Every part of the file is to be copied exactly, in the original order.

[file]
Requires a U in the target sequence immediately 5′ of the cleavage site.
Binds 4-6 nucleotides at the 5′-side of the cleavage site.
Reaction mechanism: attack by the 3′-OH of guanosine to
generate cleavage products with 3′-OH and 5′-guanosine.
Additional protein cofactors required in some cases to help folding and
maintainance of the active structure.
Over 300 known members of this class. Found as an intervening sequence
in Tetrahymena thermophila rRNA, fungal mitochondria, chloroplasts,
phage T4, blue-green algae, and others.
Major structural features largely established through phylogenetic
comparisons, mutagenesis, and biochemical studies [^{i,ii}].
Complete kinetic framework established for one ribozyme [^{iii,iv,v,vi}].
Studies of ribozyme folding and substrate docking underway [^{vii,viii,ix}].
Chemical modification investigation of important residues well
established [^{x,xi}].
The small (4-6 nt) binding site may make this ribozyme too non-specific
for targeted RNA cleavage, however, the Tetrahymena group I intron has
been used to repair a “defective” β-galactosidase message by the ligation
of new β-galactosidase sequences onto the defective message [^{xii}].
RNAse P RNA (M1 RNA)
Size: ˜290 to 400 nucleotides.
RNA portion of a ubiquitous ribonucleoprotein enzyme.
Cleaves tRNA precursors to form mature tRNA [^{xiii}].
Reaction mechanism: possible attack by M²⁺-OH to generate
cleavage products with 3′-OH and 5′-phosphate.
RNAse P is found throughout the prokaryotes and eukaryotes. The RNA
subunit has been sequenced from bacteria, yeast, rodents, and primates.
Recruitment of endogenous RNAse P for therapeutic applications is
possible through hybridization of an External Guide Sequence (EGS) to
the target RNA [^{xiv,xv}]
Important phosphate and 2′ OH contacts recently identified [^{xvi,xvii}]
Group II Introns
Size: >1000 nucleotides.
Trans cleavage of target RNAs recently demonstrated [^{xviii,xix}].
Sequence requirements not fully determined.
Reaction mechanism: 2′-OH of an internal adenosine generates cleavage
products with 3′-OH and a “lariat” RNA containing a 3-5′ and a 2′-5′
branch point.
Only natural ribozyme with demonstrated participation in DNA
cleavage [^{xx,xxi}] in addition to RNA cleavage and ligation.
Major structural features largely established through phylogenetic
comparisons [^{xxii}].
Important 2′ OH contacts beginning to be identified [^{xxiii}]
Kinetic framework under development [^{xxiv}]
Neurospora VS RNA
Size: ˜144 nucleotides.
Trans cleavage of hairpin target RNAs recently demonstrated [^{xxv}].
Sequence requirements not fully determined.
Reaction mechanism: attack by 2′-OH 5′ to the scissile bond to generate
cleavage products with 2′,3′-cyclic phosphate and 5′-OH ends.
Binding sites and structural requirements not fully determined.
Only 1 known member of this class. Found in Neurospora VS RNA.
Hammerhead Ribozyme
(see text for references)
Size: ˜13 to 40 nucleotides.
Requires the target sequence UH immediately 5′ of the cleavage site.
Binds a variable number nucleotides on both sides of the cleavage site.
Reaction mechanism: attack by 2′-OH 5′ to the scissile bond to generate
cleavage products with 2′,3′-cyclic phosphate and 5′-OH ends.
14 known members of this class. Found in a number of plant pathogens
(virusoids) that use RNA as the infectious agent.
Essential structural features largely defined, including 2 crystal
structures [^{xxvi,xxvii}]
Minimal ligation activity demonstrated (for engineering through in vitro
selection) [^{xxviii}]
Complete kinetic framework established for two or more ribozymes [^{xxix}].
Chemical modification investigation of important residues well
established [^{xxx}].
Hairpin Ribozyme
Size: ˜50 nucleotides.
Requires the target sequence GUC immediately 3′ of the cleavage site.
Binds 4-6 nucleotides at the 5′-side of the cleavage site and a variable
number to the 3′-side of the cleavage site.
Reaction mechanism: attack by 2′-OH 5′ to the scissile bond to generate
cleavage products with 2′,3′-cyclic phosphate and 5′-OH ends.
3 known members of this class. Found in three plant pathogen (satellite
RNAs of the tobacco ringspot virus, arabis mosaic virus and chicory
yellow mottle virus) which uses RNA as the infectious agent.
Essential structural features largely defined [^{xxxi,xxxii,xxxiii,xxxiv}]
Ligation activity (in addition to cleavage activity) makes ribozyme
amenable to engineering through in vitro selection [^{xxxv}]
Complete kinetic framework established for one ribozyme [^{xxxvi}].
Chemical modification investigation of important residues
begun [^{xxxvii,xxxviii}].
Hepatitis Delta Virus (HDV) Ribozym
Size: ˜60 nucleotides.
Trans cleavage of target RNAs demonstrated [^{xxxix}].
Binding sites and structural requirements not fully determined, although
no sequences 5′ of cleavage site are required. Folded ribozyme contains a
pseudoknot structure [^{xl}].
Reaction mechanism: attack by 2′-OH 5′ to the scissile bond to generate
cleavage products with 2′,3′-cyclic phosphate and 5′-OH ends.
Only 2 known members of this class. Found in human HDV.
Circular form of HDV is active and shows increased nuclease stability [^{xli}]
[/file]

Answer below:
Requires a U in the target sequence immediately 5′ of the cleavage site.
Binds 4-6 nucleotides at the 5′-side of the cleavage site.
Reaction mechanism: attack by the 3′-OH of guanosine to
generate cleavage products with 3′-OH and 5′-guanosine.
Additional protein cofactors required in some cases to help folding and
maintainance of the active structure.
Over 300 known members of this class. Found as an intervening sequence
in Tetrahymena thermophila rRNA, fungal mitochondria, chloroplasts,
phage T4, blue-green algae, and others.
Major structural features largely established through phylogenetic
comparisons, mutagenesis, and biochemical studies [^{i,ii}].
Complete kinetic framework established for one ribozyme [^{iii,iv,v,vi}].
Studies of ribozyme folding and substrate docking underway [^{vii,viii,ix}].
Chemical modification investigation of important residues well
established [^{x,xi}].
The small (4-6 nt) binding site may make this ribozyme too non-specific
for targeted RNA cleavage, however, the Tetrahymena group I intron has
been used to repair a “defective” β-galactosidase message by the ligation
of new β-galactosidase sequences onto the defective message [^{xii}].
RNAse P RNA (M1 RNA)
Size: ˜290 to 400 nucleotides.
RNA portion of a ubiquitous ribonucleoprotein enzyme.
Cleaves tRNA precursors to form mature tRNA [^{xiii}].
Reaction mechanism: possible attack by M²⁺-OH to generate
cleavage products with 3′-OH and 5′-phosphate.
RNAse P is found throughout the prokaryotes and eukaryotes. The RNA
subunit has been sequenced from bacteria, yeast, rodents, and primates.
Recruitment of endogenous RNAse P for therapeutic applications is
possible through hybridization of an External Guide Sequence (EGS) to
the target RNA [^{xiv,xv}]
Important phosphate and 2′ OH contacts recently identified [^{xvi,xvii}]
Group II Introns
Size: >1000 nucleotides.
Trans cleavage of target RNAs recently demonstrated [^{xviii,xix}].
Sequence requirements not fully determined.
Reaction mechanism: 2′-OH of an internal adenosine generates cleavage
products with 3′-OH and a “lariat” RNA containing a 3-5′ and a 2′-5′
branch point.
Only natural ribozyme with demonstrated participation in DNA
cleavage [^{xx,xxi}] in addition to RNA cleavage and ligation.
Major structural features largely established through phylogenetic
comparisons [^{xxii}].
Important 2′ OH contacts beginning to be identified [^{xxiii}]
Kinetic framework under development [^{xxiv}]
Neurospora VS RNA
Size: ˜144 nucleotides.
Trans cleavage of hairpin target RNAs recently demonstrated [^{xxv}].
Sequence requirements not fully determined.
Reaction mechanism: attack by 2′-OH 5′ to the scissile bond to generate
cleavage products with 2′,3′-cyclic phosphate and 5′-OH ends.
Binding sites and structural requirements not fully determined.
Only 1 known member of this class. Found in Neurospora VS RNA.
Hammerhead Ribozyme
(see text for references)
Size: ˜13 to 40 nucleotides.
Requires the target sequence UH immediately 5′ of the cleavage site.
Binds a variable number nucleotides on both sides of the cleavage site.
Reaction mechanism: attack by 2′-OH 5′ to the scissile bond to generate
cleavage products with 2′,3′-cyclic phosphate and 5′-OH ends.
14 known members of this class. Found in a number of plant pathogens
(virusoids) that use RNA as the infectious agent.
Essential structural features largely defined, including 2 crystal
structures [^{xxvi,xxvii}]
Minimal ligation activity demonstrated (for engineering through in vitro
selection) [^{xxviii}]
Complete kinetic framework established for two or more ribozymes [^{xxix}].
Chemical modification investigation of important residues well
established [^{xxx}].
Hairpin Ribozyme
Size: ˜50 nucleotides.
Requires the target sequence GUC immediately 3′ of the cleavage site.
Binds 4-6 nucleotides at the 5′-side of the cleavage site and a variable
number to the 3′-side of the cleavage site.
Reaction mechanism: attack by 2′-OH 5′ to the scissile bond to generate
cleavage products with 2′,3′-cyclic phosphate and 5′-OH ends.
3 known members of this class. Found in three plant pathogen (satellite
RNAs of the tobacco ringspot virus, arabis mosaic virus and chicory
yellow mottle virus) which uses RNA as the infectious agent.
Essential structural features largely defined [^{xxxi,xxxii,xxxiii,xxxiv}]
Ligation activity (in addition to cleavage activity) makes ribozyme
amenable to engineering through in vitro selection [^{xxxv}]
Complete kinetic framework established for one ribozyme [^{xxxvi}].
Chemical modification investigation of important residues
begun [^{xxxvii,xxxviii}].
Hepatitis Delta Virus (HDV) Ribozym
Size: ˜60 nucleotides.
Trans cleavage of target RNAs demonstrated [^{xxxix}].
Binding sites and structural requirements not fully determined, although
no sequences 5′ of cleavage site are required. Folded ribozyme contains a
pseudoknot structure [^{xl}].
Reaction mechanism: attack by 2′-OH 5′ to the scissile bond to generate
cleavage products with 2′,3′-cyclic phosphate and 5′-OH ends.
Only 2 known members of this class. Found in human HDV.
Circular form of HDV is active and shows increased nuclease stability [^{xli}]